Few Wichitans support taxation for economic development subsidies. In Wichita, about one-third of voters polled support local governments using taxpayer money to provide subsidies to certain businesses for economic development.

Wichitans willing to fund basics. In Wichita, voters are willing to pay a higher sales tax for fundamentals like infrastructure and water supply, and less willing for business incentives, downtown development, and convention centers.

To fund government, Wichitans prefer alternatives to raising taxes. Wichita voters prefer adjusting spending, becoming more efficient, using public-private partnerships, and privatization to raising taxes.


A depository of documents is here. Or, view individual documents below.

CEDBR fiscal model presentation to Wichita City Council. link

Potential Allocation of 1/10 of a Cent Sales Tax Funds to Support Transit Activities. link

Strategic Plan Issues Powerpoint presentation. link

Passenger rail white paper. link

Pavement maintenance white paper. link

Water supply planning white paper. link

Strategic plan issues presentation May 13, 2014. link

Competing for jobs report: Will Wichita Accelerate Competition for Primary Jobs? Time for a community discussion. link

Economic development white paper. link

Homelessness white paper. link

Public transportation white paper. link

Quality of life facilities white paper. link

Strategic plan issues presentation. May 6, 2014. link

Wichita 2035 Growth & Community Investment Scenarios Summary Sheet. link

Wichita City Council and Plan Steering Committee Workshop Plan Development Progress Report. Februray 25, 2014. link

Proposed Community Engagement/Outreach Approach — April thru June 2014. Long-Term Wichita 2035 Growth & Community Investment Scenarios. link

Research on incentives

Here’s a summary of the peer-reviewed academic research that examines the local impact of targeted tax incentives from an empirical point of view. “Peer-reviewed” means these studies were stripped of identification of authorship and then subjected to critique by other economists, and were able to pass that review.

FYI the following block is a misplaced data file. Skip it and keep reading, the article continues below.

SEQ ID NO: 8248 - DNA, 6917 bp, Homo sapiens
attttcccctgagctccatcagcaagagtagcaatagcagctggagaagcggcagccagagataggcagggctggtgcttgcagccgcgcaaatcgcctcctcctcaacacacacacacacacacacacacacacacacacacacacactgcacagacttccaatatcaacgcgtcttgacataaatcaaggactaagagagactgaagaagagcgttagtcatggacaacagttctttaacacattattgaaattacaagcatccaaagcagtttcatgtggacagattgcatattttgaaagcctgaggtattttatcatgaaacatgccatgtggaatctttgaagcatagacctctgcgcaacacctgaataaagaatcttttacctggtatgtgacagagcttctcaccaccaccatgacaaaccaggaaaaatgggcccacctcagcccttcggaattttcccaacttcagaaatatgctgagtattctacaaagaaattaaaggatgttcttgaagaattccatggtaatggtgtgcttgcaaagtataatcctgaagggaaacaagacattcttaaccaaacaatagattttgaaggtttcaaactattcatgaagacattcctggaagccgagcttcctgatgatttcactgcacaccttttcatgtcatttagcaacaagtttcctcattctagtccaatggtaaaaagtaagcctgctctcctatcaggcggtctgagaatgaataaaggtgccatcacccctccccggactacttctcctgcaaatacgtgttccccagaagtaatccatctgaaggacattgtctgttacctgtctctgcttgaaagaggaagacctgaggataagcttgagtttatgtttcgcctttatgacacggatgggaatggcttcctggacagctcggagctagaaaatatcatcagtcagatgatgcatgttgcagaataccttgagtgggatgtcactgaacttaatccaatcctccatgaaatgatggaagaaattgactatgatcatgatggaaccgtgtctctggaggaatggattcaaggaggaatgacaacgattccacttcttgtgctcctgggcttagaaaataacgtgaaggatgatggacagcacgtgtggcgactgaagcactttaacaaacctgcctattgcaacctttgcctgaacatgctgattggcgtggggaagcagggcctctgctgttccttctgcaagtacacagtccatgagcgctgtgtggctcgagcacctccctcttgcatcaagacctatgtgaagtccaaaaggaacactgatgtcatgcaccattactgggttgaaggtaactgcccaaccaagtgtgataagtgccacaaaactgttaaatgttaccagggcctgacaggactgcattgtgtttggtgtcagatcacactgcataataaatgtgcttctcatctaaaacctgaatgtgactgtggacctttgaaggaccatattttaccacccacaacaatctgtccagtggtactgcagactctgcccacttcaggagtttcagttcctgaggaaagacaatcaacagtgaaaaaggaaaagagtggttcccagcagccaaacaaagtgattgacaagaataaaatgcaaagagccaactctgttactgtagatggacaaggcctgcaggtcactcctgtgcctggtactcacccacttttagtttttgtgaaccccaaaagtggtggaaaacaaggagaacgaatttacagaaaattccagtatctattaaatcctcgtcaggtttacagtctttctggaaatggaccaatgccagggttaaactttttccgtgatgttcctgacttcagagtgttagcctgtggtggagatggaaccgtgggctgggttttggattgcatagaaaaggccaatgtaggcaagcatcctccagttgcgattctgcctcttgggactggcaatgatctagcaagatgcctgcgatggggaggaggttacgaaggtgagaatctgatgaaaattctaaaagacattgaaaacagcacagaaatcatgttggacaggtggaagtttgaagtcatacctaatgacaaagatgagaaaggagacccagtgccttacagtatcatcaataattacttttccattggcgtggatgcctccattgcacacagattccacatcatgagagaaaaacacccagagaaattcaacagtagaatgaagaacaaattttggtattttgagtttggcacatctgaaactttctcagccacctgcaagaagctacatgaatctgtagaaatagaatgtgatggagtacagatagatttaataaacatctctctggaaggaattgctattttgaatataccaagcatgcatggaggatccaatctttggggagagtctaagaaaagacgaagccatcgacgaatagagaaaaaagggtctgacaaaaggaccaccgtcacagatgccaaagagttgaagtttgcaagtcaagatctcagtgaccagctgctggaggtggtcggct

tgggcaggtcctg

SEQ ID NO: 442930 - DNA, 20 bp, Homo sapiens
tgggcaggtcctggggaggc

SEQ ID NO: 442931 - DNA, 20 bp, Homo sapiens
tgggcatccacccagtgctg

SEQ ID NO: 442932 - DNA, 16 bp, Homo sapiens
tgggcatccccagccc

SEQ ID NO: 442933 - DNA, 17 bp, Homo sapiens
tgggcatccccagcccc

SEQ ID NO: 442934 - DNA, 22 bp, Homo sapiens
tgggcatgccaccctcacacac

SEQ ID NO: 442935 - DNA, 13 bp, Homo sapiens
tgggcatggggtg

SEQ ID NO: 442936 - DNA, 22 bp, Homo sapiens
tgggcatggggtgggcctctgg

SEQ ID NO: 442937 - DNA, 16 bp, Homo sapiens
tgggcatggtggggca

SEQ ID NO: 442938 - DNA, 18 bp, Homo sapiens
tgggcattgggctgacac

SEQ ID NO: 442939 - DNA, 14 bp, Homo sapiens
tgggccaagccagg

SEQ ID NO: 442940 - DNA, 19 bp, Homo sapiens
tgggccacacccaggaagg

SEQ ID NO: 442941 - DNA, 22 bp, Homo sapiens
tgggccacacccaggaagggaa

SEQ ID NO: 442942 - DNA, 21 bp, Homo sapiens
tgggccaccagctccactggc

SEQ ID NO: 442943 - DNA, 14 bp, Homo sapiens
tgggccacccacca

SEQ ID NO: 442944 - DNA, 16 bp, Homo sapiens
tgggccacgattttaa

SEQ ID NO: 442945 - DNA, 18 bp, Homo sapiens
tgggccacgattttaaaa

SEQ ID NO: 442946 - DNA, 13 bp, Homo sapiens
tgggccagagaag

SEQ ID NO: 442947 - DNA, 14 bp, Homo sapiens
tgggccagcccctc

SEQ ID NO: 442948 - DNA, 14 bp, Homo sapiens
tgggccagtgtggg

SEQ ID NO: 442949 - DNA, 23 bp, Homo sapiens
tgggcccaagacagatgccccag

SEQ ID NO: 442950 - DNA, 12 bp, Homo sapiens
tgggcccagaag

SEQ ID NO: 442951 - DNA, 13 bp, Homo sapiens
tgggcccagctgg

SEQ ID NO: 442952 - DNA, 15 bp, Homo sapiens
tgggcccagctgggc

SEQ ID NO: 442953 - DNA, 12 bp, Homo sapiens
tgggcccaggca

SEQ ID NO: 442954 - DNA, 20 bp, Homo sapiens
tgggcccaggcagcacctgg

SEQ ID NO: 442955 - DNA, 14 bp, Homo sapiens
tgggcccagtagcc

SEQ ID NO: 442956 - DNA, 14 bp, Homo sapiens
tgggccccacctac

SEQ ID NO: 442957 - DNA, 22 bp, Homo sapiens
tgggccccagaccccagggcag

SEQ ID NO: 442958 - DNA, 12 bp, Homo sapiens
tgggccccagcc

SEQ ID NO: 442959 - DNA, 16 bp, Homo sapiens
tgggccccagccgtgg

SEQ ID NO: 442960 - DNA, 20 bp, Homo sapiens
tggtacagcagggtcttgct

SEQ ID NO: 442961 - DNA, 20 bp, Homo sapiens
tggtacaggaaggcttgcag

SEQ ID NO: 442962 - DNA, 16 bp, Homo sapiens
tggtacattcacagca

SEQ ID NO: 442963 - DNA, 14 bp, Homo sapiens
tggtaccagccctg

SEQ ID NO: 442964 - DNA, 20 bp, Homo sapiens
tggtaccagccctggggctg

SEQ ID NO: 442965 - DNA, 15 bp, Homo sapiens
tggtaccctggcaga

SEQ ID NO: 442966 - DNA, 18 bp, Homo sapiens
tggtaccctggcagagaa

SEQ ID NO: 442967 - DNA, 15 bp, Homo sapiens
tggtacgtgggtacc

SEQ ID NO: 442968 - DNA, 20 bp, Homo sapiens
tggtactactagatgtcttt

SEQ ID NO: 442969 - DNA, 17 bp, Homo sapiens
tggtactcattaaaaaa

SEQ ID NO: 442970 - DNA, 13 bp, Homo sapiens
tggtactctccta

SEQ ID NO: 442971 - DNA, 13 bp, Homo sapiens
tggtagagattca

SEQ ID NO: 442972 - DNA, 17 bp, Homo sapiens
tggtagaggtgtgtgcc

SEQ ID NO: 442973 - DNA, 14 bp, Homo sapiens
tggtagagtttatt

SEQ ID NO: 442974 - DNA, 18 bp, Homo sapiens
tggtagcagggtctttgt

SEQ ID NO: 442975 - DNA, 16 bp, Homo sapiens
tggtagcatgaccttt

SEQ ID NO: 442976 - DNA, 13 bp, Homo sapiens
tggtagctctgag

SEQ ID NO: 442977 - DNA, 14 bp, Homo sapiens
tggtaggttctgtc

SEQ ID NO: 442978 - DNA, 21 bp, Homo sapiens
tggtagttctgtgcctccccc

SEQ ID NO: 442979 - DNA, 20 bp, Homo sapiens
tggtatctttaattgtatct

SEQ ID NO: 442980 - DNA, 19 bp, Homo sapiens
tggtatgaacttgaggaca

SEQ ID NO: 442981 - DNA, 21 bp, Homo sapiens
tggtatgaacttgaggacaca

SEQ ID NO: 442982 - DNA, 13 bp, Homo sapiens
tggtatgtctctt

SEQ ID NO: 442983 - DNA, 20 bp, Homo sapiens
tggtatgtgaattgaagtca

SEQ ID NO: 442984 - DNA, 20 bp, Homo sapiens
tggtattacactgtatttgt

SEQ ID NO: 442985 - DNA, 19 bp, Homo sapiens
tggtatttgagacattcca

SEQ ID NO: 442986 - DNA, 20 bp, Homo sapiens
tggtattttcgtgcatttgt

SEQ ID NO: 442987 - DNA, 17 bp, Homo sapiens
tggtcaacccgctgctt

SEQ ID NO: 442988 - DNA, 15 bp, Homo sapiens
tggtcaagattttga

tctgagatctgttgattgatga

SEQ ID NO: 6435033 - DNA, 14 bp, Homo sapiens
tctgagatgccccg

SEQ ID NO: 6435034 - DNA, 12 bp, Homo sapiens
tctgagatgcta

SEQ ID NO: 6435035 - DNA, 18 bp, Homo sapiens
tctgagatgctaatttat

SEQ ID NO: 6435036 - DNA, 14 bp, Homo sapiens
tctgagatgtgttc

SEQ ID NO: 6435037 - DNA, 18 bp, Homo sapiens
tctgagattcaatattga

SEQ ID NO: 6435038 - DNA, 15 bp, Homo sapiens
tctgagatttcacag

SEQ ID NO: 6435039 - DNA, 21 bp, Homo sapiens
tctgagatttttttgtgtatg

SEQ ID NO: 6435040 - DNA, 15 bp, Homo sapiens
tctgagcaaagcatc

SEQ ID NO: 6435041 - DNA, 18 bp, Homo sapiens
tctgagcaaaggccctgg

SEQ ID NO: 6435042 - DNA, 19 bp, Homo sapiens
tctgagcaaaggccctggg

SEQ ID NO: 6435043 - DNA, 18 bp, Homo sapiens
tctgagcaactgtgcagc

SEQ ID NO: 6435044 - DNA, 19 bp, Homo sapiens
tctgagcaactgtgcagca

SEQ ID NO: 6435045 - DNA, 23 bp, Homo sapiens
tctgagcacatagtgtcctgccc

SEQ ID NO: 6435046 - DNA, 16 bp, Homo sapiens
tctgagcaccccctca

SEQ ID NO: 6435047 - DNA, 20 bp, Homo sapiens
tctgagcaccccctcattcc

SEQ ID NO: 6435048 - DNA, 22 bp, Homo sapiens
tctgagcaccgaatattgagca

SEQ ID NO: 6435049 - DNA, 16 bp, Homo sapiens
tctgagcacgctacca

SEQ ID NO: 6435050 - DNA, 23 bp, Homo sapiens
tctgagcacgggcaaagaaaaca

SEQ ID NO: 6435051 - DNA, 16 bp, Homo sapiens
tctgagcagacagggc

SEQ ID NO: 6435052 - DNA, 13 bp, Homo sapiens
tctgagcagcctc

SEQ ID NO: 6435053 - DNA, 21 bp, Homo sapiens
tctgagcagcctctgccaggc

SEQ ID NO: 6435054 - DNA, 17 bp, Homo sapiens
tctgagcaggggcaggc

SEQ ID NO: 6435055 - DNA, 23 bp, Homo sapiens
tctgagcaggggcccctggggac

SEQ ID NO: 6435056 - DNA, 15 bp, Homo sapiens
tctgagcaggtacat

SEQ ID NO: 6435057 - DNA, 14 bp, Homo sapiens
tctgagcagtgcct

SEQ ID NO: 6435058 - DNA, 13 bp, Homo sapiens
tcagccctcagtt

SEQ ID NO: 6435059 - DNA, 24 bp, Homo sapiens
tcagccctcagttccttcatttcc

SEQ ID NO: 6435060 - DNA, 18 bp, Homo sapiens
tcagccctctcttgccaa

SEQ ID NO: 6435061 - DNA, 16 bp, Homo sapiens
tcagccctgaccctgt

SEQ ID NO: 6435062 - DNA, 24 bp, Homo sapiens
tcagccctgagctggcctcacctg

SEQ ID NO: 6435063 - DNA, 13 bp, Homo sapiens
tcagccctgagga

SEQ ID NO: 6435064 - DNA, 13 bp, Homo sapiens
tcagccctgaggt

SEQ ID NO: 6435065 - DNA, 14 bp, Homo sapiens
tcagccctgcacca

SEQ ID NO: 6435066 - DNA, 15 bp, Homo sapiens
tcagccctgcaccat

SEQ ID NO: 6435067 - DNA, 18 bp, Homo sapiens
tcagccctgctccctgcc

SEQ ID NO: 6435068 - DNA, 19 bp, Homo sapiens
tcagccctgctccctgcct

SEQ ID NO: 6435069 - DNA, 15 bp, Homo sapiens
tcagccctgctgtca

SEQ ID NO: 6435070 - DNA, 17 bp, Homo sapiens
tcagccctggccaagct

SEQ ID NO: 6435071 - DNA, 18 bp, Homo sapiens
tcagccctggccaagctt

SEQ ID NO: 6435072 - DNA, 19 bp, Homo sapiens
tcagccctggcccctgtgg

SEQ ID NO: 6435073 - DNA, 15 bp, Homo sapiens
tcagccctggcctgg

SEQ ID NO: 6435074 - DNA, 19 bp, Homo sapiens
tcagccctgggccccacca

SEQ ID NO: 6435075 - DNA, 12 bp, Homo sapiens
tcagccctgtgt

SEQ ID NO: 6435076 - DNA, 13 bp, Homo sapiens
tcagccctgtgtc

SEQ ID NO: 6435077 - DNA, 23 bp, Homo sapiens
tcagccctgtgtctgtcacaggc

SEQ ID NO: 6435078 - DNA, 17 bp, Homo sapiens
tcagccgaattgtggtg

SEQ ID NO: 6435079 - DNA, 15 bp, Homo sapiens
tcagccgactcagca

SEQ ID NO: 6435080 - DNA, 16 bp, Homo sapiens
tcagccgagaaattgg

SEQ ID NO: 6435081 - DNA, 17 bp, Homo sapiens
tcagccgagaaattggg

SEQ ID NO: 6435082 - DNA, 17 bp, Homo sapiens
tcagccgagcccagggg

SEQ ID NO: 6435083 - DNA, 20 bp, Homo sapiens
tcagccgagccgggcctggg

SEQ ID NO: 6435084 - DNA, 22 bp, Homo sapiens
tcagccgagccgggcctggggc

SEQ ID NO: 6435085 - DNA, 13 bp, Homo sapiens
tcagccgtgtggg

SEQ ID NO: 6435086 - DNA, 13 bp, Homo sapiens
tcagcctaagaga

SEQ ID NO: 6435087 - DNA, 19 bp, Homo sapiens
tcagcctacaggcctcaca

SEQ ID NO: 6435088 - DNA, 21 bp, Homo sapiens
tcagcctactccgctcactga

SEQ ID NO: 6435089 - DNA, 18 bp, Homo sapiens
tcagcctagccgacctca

Ambrosius (1989). National study of development incentives, 1969 — 1985.
Finding: No evidence of incentive impact on manufacturing value-added or unemployment, thus suggesting that tax incentives were ineffective.

Trogan (1999). National study of state economic growth and development programs, 1979 — 1995.
Finding: General fiscal policy found to be mildly effective, while targeted incentives reduced economic performance (as measured by per capita income).

Gabe and Kraybill (2002). 366 Ohio firms, 1993 — 1995.
Finding: Small reduction in employment by businesses which received Ohio’s tax incentives.

Fox and Murray (2004). Panel study of impacts of entry by 109 large firms in the 1980s.
Finding: No evidence of large firm impacts on local economy.

Edmiston (2004). Panel study of large firm entrance in Georgia, 1984 — 1998
Finding: Employment impact of large firms is less than gross job creation (by about 70%), and thus tax incentives are unlikely to be efficacious.

Hicks (2004). Panel study of gaming casinos in 15 counties (matched to 15 non-gambling counties).